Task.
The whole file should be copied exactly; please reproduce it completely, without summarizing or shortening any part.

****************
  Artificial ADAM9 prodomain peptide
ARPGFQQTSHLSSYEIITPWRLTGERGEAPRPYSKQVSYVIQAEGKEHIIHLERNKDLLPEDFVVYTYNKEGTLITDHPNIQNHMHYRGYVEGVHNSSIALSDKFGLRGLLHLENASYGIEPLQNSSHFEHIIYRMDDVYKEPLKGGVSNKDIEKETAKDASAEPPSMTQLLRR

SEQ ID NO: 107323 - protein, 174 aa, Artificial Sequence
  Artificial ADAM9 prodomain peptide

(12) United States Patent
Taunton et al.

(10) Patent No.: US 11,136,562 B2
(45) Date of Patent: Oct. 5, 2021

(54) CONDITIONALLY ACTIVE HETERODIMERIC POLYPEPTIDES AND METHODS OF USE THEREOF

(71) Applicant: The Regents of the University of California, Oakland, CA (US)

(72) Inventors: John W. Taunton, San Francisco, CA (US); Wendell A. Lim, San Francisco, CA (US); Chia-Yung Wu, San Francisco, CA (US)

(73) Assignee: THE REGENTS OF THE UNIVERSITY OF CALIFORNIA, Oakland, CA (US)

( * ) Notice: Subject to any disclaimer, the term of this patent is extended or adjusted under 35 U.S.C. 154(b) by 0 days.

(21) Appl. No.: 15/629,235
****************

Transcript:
  Artificial ADAM9 prodomain peptide
ARPGFQQTSHLSSYEIITPWRLTGERGEAPRPYSKQVSYVIQAEGKEHIIHLERNKDLLPEDFVVYTYNKEGTLITDHPNIQNHMHYRGYVEGVHNSSIALSDKFGLRGLLHLENASYGIEPLQNSSHFEHIIYRMDDVYKEPLKGGVSNKDIEKETAKDASAEPPSMTQLLRR

SEQ ID NO: 107323 - protein, 174 aa, Artificial Sequence
  Artificial ADAM9 prodomain peptide

(12) United States Patent
Taunton et al.

(10) Patent No.: US 11,136,562 B2
(45) Date of Patent: Oct. 5, 2021

(54) CONDITIONALLY ACTIVE HETERODIMERIC POLYPEPTIDES AND METHODS OF USE THEREOF

(71) Applicant: The Regents of the University of California, Oakland, CA (US)

(72) Inventors: John W. Taunton, San Francisco, CA (US); Wendell A. Lim, San Francisco, CA (US); Chia-Yung Wu, San Francisco, CA (US)

(73) Assignee: THE REGENTS OF THE UNIVERSITY OF CALIFORNIA, Oakland, CA (US)

( * ) Notice: Subject to any disclaimer, the term of this patent is extended or adjusted under 35 U.S.C. 154(b) by 0 days.

(21) Appl. No.: 15/629,235